But to return to the subject of sexuality, there are different ways to approach the sacredness of sex and relationship. One is through marriage, and it is a fine one, with recognised trials, and plenty of time and life to temper youthful ideals into what is actually there. Great props to marriage in my view. But the “sexual revolution” of the 1960s was pretty dismissive of marriage and its fetters.

Another approach sought the transformative power of sex and sexuality, and considered this in some ways allied to the idea of “tantra”, with the subtext that we could make all of life spiritual, and have the greatest sex ever, heaven on Earth, preferably with a “soul mate”, and though we’d have things to “work out”, it was the promise of happy ever after*. This sometimes got combined with the idea that we should be “returning to the garden”, that Nature and the World was a blessed place (contrary to Christian ideas of it being “fallen”), and that we could be freed of this mistaken idea of past generations. Free eco-love with the fruits of meditation, and it could all be really cool.

But of course it can’t be. Such an approach is an avoidance of both spirituality and the nature of sex and relationship. It is an avoidance of the material world we live in, and the deeper forces of the soul. It asserts that Nature is other than itself, is beneficent and convenient, and that what stands in the way of fulfilment is man-made teaching and organisation, when what stands in some of the way is just reality. Certainly things like religious teachings have contributed to unnecessary suffering and need to be dispensed with, but Nature is not just beneficent, and certainly not convenient, and things of value are not easy or free.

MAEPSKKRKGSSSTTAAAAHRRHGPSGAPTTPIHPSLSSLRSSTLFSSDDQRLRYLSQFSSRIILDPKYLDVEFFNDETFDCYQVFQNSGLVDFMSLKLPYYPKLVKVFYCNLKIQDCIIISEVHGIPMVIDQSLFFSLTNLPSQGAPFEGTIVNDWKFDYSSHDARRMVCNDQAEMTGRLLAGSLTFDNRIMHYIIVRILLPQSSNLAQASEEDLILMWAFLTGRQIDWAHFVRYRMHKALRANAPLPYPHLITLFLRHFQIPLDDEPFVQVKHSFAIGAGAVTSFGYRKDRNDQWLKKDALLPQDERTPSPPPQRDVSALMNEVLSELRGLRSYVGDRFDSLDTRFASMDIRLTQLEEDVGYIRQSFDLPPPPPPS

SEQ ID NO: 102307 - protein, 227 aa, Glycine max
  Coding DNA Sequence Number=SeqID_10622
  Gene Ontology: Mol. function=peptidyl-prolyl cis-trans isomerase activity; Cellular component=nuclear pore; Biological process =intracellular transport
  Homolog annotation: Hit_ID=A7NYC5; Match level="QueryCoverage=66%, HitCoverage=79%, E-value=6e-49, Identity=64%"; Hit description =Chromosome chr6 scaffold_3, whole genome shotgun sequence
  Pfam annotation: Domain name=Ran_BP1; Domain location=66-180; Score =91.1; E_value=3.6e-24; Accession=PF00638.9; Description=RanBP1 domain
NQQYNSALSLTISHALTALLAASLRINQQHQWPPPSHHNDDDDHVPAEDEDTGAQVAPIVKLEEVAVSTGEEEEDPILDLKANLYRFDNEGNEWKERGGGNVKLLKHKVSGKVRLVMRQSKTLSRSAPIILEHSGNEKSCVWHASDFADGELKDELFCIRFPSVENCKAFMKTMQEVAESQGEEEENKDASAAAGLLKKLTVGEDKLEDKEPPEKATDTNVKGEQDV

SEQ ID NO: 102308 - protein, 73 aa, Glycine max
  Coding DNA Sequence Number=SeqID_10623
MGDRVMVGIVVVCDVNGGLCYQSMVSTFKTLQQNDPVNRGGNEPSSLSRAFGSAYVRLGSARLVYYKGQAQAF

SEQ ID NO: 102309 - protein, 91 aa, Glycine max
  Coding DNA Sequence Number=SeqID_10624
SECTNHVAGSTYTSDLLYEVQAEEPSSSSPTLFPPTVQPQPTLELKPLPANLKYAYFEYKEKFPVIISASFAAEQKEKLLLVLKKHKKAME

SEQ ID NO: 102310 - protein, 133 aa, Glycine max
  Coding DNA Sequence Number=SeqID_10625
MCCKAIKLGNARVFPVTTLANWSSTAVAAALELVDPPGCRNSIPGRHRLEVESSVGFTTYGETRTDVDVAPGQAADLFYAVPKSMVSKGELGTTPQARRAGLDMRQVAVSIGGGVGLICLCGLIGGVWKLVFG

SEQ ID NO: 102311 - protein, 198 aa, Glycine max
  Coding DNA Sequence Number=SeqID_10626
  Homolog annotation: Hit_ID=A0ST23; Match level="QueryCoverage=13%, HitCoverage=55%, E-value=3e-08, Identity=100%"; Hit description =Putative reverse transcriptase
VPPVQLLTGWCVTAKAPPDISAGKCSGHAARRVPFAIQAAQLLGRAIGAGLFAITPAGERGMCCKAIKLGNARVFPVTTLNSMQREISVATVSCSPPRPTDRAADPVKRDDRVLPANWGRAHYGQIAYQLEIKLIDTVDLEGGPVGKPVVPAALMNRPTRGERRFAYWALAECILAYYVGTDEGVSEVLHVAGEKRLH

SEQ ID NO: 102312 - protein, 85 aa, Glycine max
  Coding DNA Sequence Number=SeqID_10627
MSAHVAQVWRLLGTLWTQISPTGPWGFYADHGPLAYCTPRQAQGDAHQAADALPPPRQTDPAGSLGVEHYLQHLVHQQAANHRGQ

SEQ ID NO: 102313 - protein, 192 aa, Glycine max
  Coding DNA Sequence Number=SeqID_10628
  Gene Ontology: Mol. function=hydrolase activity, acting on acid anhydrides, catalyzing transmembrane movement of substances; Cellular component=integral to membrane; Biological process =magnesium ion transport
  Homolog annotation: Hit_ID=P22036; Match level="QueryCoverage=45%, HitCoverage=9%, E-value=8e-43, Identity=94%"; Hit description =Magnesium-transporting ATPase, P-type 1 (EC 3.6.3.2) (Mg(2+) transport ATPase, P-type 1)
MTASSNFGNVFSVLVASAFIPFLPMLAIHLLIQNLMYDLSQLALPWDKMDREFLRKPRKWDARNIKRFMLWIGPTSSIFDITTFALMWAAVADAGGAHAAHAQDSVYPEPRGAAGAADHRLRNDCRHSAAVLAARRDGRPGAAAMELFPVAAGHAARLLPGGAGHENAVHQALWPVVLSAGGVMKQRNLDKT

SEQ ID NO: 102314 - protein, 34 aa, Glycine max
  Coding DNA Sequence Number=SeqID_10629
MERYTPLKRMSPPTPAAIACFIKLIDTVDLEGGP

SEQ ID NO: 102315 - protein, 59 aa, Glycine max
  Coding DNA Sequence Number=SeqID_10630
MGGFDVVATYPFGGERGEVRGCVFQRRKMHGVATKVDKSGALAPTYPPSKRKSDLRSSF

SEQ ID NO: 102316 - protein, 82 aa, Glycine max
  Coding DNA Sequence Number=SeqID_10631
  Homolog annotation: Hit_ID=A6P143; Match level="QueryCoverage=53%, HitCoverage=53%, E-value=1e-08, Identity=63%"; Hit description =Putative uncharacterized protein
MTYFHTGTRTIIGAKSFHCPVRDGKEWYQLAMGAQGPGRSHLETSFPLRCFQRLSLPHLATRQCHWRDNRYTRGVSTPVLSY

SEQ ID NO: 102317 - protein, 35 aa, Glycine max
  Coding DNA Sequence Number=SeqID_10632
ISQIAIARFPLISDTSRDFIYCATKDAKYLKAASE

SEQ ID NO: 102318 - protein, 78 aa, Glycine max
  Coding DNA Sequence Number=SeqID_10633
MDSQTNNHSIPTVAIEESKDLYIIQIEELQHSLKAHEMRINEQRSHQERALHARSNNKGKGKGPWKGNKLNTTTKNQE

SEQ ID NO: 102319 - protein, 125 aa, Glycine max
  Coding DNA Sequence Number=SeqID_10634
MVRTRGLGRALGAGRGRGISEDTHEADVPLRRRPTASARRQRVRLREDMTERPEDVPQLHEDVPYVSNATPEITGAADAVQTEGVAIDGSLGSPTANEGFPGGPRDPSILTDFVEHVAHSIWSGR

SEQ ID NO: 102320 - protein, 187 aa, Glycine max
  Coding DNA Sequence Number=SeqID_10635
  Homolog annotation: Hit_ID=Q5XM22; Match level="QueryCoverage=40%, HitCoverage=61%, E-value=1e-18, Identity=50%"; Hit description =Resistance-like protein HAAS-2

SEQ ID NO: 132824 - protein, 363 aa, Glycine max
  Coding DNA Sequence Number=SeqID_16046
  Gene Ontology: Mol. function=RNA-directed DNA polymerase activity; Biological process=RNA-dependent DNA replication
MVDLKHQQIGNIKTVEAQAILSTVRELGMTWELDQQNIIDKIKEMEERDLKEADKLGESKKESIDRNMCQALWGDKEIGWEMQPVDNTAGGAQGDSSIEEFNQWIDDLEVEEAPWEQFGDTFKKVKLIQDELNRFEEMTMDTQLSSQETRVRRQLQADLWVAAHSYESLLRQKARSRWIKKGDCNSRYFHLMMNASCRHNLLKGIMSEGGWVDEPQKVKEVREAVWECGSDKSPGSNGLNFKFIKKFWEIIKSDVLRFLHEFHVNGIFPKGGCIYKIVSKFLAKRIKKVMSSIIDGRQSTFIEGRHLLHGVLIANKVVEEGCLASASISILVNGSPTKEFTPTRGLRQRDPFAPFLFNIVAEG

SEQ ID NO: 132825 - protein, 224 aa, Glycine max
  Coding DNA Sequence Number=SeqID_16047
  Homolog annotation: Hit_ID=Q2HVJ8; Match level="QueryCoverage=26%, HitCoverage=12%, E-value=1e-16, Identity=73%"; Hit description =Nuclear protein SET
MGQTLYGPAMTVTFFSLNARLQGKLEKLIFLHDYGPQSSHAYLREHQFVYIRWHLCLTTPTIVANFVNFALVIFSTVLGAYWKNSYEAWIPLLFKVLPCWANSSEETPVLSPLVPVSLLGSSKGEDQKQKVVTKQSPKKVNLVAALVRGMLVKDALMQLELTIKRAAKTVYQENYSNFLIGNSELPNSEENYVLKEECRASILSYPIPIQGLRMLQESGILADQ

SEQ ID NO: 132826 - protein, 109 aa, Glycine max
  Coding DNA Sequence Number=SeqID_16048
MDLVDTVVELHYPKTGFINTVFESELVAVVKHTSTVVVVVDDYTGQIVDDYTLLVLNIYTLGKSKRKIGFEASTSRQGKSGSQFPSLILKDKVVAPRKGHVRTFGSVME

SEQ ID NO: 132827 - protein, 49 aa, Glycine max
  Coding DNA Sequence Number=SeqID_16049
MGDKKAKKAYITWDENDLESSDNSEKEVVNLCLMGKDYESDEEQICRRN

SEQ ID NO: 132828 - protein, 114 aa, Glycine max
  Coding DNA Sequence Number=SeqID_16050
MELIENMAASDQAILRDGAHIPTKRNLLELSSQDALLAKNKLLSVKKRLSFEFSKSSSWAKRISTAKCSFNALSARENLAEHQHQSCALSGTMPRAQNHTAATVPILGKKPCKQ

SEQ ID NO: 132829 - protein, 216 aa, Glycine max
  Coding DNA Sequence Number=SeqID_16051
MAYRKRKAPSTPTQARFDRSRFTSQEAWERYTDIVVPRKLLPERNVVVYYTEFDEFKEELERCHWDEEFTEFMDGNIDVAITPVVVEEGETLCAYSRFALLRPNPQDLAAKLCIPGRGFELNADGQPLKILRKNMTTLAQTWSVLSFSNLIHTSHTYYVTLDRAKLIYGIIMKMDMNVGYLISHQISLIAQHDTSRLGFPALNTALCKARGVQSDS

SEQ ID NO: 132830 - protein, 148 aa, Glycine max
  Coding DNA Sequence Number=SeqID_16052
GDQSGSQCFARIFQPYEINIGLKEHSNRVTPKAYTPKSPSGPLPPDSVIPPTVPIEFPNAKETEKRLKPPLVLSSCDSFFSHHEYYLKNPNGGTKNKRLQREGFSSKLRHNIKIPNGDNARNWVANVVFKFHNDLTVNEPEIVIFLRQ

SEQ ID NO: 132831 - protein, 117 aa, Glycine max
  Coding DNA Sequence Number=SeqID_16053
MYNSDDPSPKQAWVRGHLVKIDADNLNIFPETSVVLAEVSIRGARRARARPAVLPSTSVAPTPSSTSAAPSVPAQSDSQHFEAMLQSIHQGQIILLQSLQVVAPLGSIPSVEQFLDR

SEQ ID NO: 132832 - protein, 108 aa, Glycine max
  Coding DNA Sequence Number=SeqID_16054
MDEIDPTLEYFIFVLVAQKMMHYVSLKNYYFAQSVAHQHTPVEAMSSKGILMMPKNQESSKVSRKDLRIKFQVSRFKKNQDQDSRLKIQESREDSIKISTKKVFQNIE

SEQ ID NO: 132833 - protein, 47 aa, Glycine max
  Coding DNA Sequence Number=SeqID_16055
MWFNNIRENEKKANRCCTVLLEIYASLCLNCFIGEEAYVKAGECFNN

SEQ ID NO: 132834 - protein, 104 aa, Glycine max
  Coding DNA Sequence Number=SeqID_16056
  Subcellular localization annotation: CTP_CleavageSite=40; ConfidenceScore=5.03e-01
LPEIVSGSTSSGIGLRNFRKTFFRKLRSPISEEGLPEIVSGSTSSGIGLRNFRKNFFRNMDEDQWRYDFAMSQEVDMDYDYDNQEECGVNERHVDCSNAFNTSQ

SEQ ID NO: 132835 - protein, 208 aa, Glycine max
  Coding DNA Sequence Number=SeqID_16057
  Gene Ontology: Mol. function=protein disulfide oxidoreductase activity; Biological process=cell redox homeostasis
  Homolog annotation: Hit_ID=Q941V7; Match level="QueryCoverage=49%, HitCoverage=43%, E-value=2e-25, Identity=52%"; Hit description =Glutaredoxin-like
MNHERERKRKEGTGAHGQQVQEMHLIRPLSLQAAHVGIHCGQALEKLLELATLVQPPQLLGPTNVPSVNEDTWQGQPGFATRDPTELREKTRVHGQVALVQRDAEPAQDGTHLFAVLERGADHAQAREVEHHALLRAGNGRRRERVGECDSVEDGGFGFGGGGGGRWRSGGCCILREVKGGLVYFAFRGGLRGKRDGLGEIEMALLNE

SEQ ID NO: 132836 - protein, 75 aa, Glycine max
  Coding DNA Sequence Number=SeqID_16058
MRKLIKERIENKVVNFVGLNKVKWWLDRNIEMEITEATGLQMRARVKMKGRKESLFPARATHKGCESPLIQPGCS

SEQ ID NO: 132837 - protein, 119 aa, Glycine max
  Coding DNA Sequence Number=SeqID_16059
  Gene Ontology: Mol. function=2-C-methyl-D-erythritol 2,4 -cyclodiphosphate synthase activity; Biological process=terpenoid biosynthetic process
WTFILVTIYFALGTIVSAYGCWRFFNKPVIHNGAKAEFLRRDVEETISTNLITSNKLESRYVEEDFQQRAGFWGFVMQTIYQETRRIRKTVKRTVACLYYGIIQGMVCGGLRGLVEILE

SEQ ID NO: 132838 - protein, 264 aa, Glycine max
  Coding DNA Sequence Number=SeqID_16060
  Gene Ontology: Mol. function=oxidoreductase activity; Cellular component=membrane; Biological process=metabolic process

There is absolutely no doubt that sex and sexuality do constitute a powerfully transformative force, and one which we need to face, for it is so bound up with our deeper natures, and those parts of us that are found in what we term “the unconscious”. I believe that these areas are key to understanding the Thelemic True Will, or what Austin Osman Spare called “the inherent dream”. But never forget that the substance we transform is a poison, and some of the most wondrous and potent aspects of life lie in areas we consider horrific and painful at one time or another. Note here that I say it is a force we need to face, not use. This is deeper than our conscious identity, and in the face of this we need humility. If there is any area that seems to have a respect for it in modern life, I suspect it is in BDSM.